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All rapid responses

Rapid responses are electronic letters to the editor. They enable our users to debate issues raised in articles published on Although a selection of rapid responses will be included online and in print as readers' letters, their first appearance online means that they are published articles. If you need the url (web address) of an individual response, perhaps for citation purposes, simply click on the response headline and copy the url from the browser window. Letters are indexed in PubMed.

Re: Indications for anticoagulant and antiplatelet combined therapy Christopher N Floyd, Albert Ferro. 359:doi 10.1136/bmj.j3782

We thank Kuczynska for highlighting the European Society of Cardiology update on the use of dual antiplatelet therapy [1]. The recommendations were published after the acceptance of our manuscript and were therefore not considered during its drafting. The update does however contain a number of points that are relevant to our Practice Pointer considering the combination of antiplatelet and anticoagulant therapy [2].

In patients with an indication for oral anticoagulation undergoing percutaneous coronary intervention, the duration and choice of antithrombotic therapy are largely the same as previous recommendations. An absence of safety and efficacy data mean that the use of prasugrel and ticagrelor in triple therapy should still be avoided. Similarly, in patient treated with warfarin a target INR in the lower part of the recommended range should be considered, and in patients treated with a direct oral anticoagulant the ‘lowest effective tested dose for stroke prevention’ should be considered [1].

The recommendation for choice of stent in patients with a high bleeding risk who require long-term anticoagulation has been updated as indicated by Kuczynska. Data from the DAPT trial and others has indicated that second generation drug-eluting stents are superior to bare metal stents where antithrombotic therapy needs to be terminated [4,5]. Second generation drug-eluting stents should therefore be the ‘default choice in patients with high bleeding risk’ [1].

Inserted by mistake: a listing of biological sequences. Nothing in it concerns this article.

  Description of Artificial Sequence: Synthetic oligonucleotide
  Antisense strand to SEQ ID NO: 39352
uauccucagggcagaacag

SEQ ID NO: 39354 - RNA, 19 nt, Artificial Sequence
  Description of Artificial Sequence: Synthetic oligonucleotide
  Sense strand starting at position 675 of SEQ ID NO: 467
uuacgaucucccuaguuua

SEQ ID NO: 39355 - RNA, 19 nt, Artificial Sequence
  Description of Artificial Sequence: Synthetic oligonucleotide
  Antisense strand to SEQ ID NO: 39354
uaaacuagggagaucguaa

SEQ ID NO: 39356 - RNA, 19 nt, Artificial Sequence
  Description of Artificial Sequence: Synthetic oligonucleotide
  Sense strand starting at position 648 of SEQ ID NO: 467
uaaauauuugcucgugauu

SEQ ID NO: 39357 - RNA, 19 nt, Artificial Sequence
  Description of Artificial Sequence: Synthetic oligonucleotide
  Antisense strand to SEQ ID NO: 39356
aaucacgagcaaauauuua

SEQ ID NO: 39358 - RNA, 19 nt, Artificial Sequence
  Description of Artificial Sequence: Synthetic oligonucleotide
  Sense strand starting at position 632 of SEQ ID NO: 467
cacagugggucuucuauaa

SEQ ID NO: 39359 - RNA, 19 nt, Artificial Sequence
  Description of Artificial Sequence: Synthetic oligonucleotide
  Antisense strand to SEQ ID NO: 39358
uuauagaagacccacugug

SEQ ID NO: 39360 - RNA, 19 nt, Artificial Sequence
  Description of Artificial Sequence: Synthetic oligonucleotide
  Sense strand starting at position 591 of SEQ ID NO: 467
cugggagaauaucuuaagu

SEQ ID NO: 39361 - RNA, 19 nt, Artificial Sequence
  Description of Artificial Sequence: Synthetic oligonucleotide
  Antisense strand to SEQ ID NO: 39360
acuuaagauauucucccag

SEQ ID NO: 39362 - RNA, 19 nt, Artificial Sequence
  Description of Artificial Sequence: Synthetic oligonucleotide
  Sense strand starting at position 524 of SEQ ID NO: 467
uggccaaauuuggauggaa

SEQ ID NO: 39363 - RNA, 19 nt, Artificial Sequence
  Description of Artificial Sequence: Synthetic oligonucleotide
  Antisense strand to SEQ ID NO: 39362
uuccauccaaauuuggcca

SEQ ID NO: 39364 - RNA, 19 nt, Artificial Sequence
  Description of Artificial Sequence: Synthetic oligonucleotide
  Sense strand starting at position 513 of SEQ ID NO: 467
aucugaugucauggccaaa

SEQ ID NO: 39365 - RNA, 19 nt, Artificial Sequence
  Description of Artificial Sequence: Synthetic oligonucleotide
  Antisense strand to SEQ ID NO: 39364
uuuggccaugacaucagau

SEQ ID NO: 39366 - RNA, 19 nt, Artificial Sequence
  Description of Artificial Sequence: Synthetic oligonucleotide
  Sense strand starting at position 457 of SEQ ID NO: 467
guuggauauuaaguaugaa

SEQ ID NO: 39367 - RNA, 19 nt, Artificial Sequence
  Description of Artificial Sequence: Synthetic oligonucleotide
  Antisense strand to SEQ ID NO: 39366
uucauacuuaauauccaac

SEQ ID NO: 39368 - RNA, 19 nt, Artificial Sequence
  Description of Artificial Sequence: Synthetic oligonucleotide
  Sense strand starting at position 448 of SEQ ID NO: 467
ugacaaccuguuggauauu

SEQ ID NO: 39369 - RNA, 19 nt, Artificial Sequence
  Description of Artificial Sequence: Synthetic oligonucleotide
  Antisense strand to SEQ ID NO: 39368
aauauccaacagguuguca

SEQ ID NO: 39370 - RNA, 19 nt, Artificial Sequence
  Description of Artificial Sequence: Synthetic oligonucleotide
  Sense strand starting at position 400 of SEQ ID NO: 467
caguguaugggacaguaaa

1. Valgimigli M, et al. Eur Heart J 2017; 0, 1–48
2. Floyd CN and Ferro A. BMJ 2017;359:j3782
3. Lip GY , Windecker S, Huber K et al. Eur Heart J 2014; 359:3155-79
4. Kereiakes DJ, et al. JAMA. 2015 Mar 17;313(11):1113-21

Competing interests: No competing interests

11 October 2017
Christopher N Floyd
Clinical Lecturer in Clinical Pharmacology and Therapeutics
A Ferro
King's College London
Department of clinical pharmacology, cardiovascular division, British Heart Foundation Centre of Research Excellence, King’s College London, London, UK
Re: Alabama “pill mill” doctors get 20 year prison sentence Owen Dyer. 357:doi 10.1136/bmj.j2717

More than 4,000 Greek doctors, mainly employed in public hospitals, are accused of corruption charges, after leaked Pharmaceutical Company documents reveal consistent bribes they allegedly received. [1][2][3][4]
Hospital doctors in Greece often slide unpunished after lengthy investigations.
Let us hope that, this time, those 4,000 corrupt Greek doctors also receive prison sentences.

Competing interests: No competing interests

11 October 2017
Stavros Saripanidis
Consultant in Obstetrics and Gynaecology
Re: Corticosteroids for sore throat: a clinical practice guideline Geertruida E Bekkering, Arnaud Merglen, Mieke van Driel, Mieke Vermandere, et al. 358:doi 10.1136/bmj.j4090

We thank Dr. Linder for taking the time to consider and respond to our recommendation. A focus on hypothesis testing (and p-values) within individual studies can be misleading for a variety of reasons. Individual studies might be underpowered or overpowered, and p-values tell us nothing about the effect size or the importance of the outcomes. Instead of vote counting significant p-values, we and the GRADE approach suggest a focus confidence intervals around the absolute treatment effects for each patient-important outcome. We perform this assessment across the whole body of evidence, including the study by Hayward and colleagues, which provided the impetus for this Rapid Recommendation. The Hayward study's results are for the most part consistent with the results of the other nine randomised trials. As summarized in our infographic and in the systematic review supporting this recommendation (, we also considered other factors contributing to the certainty of effects, namely the risk of bias, indirectness, inconsistency, and publication bias. Our panel considered all these factors across the entirety of the evidence base to issue the Rapid Recommendation.

Competing interests: No competing interests

11 October 2017
Bert Aertgeerts
Siemieniuk Reed, Agoritsas Thomas, Romina Petersen
KU Leuven
Re: Time to put health at the heart of all policy making John Middleton. 357:doi 10.1136/bmj.j2676